PLAYOFF SERIES: Eastern Conference semifinals; Game 1.
TIME: Thursday, 7:30 p.m. EDT.
Having already eliminated the defending Stanley Cup champions, the next test for the Philadelphia Flyers comes from a team hungry for revenge and led by the league's hottest goaltender.
For the second consecutive season, the Flyers will have to get past Ed Belfour and the Toronto Maple Leafs when the teams open their Eastern Conference semifinal series at the Wachovia Center.
Off since completing a relatively easy five-game series win over the defending champion New Jersey Devils on Saturday, Philadelphia was unsure of its semifinal opponent until Toronto beat Ottawa 4-1 in Game 7 on Tuesday.
Toronto's victory sets up what promises to be another grueling and physical series between two veteran teams.
The Flyers and Maple Leafs met in the quarterfinals last season, with Philadelphia prevailing in seven games. That series featured two games that went to double overtime and one that needed triple overtime.
"It was a tough loss last year," Belfour said. "We have to go there with the attitude that we have to work even harder."
Surviving the series against Toronto left the Flyers without much energy when they faced Ottawa in the semifinals - a series they lost in six games.
"Toronto's physical play is big hits by their defensemen," Flyers coach Ken Hitchcock said. "Last year's series was so long, it was drawn out on everybody. There was nothing left of them and nothing left of us. We anticipate that will happen again."
With untested Robert Esche matching up against New Jersey's Martin Brodeur, many believed the Flyers were headed for another early playoff exit this season. Esche, however, silenced his critics by stopping 155 of 164 shots and outplaying Brodeur, widely regarded as the league's best goaltender.
Esche will need to be very sharp again because Belfour is coming off a remarkable performance against the Senators.
Belfour recorded three shutouts in the seven-game series and stopped 227 of 238 shots for a .954 save percentage. After scoring just 14 goals and getting outshot 238-154 in the seven games, there is little doubt that Toronto would be making offseason plans already if not for Belfour.
"He's an amazing man. It's nice to see him play so well," Leafs forward Darcy Tucker said of Belfour. "He's a guy that comes to work every day and gives it his all. He's a real leader in our dressing room. We're fortunate to have him."
Even Belfour, however, was unable to help the Leafs against the Flyers during the regular season. Philadelphia won three of four meetings by a combined 17-5 score, beating Belfour 16 times on 86 shots.
Making Toronto's victory over Ottawa more impressive is that it did it without captain Mats Sundin for the final three games and without power forward Owen Nolan for the entire series.
Sundin, sidelined by a leg injury sustained in Game 4, hopes to play at some point in this series, but is doubtful for Game 1. Nolan, out nearly a month with a knee injury, also hopes to play.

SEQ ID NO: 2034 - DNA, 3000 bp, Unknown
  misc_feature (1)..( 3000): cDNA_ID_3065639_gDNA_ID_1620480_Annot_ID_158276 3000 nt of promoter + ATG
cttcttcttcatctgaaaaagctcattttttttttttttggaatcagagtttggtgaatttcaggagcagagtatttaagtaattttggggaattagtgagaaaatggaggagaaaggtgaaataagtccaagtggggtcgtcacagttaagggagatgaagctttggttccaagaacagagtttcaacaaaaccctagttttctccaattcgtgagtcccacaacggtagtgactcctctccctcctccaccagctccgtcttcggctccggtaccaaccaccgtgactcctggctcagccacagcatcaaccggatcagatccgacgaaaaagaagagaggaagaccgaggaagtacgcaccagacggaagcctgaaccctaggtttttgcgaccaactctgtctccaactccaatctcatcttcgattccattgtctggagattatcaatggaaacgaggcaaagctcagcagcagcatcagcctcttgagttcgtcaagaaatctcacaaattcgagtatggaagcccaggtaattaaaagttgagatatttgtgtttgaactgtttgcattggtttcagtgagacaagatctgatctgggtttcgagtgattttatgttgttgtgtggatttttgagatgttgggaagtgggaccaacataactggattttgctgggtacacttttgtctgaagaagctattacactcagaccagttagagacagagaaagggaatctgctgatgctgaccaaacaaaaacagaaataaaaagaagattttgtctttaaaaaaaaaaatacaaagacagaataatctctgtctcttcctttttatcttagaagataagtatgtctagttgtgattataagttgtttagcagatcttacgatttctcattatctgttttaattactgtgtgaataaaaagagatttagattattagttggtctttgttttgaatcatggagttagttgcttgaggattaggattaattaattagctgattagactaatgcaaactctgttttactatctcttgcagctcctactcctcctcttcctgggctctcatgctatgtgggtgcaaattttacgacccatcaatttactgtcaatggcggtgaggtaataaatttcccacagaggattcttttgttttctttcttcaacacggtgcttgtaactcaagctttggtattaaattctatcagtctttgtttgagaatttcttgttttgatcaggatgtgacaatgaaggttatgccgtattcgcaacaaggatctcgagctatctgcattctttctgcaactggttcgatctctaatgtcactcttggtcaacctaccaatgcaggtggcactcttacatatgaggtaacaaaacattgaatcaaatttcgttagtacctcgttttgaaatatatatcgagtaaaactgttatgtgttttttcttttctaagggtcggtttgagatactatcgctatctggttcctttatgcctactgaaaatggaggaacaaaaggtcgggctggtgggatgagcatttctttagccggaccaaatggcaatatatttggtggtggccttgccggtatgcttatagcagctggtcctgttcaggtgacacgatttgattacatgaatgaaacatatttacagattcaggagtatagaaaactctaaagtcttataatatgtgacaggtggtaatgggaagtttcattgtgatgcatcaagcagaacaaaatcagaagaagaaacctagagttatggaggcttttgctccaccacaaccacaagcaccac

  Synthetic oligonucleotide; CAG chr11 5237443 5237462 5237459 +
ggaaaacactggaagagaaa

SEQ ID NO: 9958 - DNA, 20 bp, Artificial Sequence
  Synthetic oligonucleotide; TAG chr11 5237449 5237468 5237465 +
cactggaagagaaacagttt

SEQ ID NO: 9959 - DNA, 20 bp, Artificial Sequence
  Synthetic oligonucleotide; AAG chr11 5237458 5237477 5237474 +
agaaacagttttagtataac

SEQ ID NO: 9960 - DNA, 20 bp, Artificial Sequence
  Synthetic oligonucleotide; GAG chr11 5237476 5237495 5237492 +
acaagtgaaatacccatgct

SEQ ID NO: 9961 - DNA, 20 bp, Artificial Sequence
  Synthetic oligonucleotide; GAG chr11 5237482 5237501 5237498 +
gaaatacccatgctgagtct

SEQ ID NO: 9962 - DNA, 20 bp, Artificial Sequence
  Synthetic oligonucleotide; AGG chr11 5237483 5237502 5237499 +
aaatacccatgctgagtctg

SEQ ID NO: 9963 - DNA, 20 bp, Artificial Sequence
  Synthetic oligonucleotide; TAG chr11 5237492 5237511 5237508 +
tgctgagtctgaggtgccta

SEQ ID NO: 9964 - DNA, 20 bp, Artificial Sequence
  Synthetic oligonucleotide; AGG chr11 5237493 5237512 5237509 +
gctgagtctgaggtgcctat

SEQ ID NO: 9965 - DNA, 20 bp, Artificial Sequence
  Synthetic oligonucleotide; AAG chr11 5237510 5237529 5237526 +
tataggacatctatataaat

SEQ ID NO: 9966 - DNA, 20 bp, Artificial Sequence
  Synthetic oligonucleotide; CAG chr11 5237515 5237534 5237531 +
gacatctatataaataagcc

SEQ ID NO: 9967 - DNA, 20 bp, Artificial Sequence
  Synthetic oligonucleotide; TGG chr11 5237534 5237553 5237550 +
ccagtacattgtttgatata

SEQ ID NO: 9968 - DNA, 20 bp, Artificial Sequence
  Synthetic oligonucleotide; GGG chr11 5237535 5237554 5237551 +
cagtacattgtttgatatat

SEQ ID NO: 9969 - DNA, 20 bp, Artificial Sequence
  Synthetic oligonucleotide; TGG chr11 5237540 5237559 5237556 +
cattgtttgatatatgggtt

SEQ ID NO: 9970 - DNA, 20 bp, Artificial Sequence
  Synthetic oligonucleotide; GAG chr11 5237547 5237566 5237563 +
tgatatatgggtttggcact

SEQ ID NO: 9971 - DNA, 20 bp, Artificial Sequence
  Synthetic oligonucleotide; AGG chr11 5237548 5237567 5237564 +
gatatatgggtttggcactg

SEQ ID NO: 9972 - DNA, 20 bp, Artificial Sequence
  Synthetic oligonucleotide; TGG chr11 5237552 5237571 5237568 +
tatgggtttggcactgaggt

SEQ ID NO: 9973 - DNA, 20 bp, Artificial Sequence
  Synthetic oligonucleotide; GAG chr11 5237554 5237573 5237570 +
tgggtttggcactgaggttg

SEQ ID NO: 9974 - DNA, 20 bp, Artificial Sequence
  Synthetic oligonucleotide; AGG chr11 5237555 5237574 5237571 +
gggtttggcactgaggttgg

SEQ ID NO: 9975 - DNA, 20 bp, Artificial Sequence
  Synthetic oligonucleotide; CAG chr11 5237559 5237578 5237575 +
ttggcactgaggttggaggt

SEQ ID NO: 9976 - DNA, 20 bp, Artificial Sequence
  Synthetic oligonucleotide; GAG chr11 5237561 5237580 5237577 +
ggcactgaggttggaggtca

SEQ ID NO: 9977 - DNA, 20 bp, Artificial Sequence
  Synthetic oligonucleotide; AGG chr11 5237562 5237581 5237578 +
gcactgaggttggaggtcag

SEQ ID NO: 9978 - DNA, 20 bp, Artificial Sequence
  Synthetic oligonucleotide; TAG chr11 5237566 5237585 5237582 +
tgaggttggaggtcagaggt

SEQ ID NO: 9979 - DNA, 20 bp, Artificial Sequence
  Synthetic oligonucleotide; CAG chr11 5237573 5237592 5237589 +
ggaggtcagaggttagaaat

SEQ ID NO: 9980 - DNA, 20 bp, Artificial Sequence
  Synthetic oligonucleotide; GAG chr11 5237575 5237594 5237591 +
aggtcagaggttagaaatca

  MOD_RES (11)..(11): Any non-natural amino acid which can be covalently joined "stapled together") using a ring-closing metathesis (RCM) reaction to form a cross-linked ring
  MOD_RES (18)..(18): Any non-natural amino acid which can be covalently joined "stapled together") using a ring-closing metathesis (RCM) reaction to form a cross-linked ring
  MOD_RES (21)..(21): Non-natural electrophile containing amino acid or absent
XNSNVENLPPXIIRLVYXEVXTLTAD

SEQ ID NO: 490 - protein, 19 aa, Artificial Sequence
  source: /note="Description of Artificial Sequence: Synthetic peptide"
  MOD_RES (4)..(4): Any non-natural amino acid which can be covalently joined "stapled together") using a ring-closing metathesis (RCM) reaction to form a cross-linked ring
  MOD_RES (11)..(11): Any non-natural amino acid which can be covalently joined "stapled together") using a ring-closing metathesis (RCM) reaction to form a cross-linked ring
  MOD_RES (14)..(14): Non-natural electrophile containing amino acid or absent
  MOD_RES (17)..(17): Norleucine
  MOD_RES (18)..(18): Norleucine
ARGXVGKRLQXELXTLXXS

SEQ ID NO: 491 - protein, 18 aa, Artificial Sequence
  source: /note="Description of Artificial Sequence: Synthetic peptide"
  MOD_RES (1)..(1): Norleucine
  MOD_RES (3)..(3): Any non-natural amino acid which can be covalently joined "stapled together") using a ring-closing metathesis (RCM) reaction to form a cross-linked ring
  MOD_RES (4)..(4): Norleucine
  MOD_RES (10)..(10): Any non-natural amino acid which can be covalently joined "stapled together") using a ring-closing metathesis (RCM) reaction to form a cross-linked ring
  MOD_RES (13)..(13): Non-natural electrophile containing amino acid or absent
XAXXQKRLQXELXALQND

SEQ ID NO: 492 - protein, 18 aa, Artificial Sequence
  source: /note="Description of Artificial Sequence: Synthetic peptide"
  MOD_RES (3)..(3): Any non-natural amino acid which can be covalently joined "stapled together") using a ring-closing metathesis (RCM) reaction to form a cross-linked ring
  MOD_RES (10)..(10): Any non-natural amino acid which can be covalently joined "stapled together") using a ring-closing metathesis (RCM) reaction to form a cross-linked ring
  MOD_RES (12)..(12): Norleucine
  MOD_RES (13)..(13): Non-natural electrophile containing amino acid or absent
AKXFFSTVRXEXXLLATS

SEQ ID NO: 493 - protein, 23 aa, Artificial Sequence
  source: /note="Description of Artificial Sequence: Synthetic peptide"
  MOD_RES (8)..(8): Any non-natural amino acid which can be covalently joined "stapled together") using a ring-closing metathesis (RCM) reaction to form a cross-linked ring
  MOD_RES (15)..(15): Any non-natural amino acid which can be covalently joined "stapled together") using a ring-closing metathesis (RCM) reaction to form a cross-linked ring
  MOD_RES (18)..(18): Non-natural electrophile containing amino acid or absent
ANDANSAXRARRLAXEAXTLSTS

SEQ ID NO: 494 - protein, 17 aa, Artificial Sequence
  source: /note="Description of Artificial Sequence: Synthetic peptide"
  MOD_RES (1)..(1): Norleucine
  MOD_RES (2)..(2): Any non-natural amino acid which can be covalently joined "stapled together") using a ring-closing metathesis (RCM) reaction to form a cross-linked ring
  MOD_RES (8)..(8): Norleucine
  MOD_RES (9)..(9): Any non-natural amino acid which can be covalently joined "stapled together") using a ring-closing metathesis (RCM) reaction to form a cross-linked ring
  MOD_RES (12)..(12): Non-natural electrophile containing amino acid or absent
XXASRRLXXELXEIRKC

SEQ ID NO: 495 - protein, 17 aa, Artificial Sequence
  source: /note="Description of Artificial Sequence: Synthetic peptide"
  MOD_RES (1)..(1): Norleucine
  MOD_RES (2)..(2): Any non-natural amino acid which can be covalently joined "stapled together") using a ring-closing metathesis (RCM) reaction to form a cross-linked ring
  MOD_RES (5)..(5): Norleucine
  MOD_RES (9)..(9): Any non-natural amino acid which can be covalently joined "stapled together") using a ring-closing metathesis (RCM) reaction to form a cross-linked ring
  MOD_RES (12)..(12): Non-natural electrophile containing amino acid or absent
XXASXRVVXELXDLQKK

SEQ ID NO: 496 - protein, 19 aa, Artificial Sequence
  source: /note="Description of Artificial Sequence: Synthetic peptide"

"I don't think they're any more beat up than we are," Hitchcock said. "They're missing a couple of forwards like we're potentially missing a couple of defensemen."
Philadelphia has injury concerns of its own.
Defenseman Kim Johnsson didn't practice Tuesday because of a broken bone in his right hand and is questionable for Thursday. Already without defenseman Eric Desjardins, the Flyers moved forward Sami Kapanen to defense during Tuesday's practice.
"He looked excellent - his quickness, his competitiveness," Hitchcock said. "He looked comfortable. If we have to use him for a game or two, it's not a problem at all."
In an effort to end long Stanley Cup droughts, both teams were busy adding players during the season.
Philadelphia acquired center Alex Zhamnov, defensemen Vladimir Malakhov, Danny Markov and Mattias Timander and goalie Sean Burke. Toronto picked up future Hall of Famers Brian Leetch and Ron Francis and depth forward Chad Kilger at the trade deadline.
Each team is loaded with veterans capable of having a big series.
A trio of former Chicago Blackhawks was Philadelphia's best line against New Jersey. Zhamnov, Jeremy Roenick and Tony Amonte combined for six goals and 12 assists in the five-game series.
Without Sundin, center Joe Nieuwendyk, a three-time Stanley Cup winner, led Toronto with five goals against Ottawa, including two in Game 7. Left wing Gary Roberts had three goals in the quarterfinals, and his ferocious style should make life difficult for a Philadelphia defense that isn't overly physical.
Game 2 is Sunday at Philadelphia.
HOW THEY GOT HERE: Maple Leafs - 4th seed; beat Ottawa Senators 4-3, quarterfinals. Flyers - 3rd seed; beat New Jersey Devils 4-1, quarterfinals.
PLAYOFF TEAM LEADERS: Maple Leafs - Nieuwendyk, 5 goals and 5 points; Leetch, 4 assists; Tie Domi, 15 PIM. Flyers - Zhamnov, 3 goals and 8 points; Zhamnov, Roenick and Johnsson, 5 assists, Kapanen, 6 PIM.
PLAYOFF SPECIAL TEAMS: Maple Leafs - Power play: 12.5 percent (4 for 32). Penalty killing: 91.4 percent (32 for 35). Flyers - Power play: 33.3 percent (4 for 12). Penalty killing: 83.3 percent (15 for 18).
GOALTENDERS: Maple Leafs - Belfour (4-3, 3 SO, 1.49 GAA); Trevor Kidd (no appearances). Flyers - Esche (4-1, 1, 1.81); Burke (no appearances).
REGULAR SEASON SERIES: Flyers, 3-1. The Flyers won the first three meetings by a combined 15-2 score before the Leafs won 3-2 at Philadelphia on March 18. Michal Handzus had three goals and three assists, while John LeClair had two goals and three assists against Toronto. Leetch had four goals and six points in five games against the Flyers, but four of those games came while he was with the New York Rangers.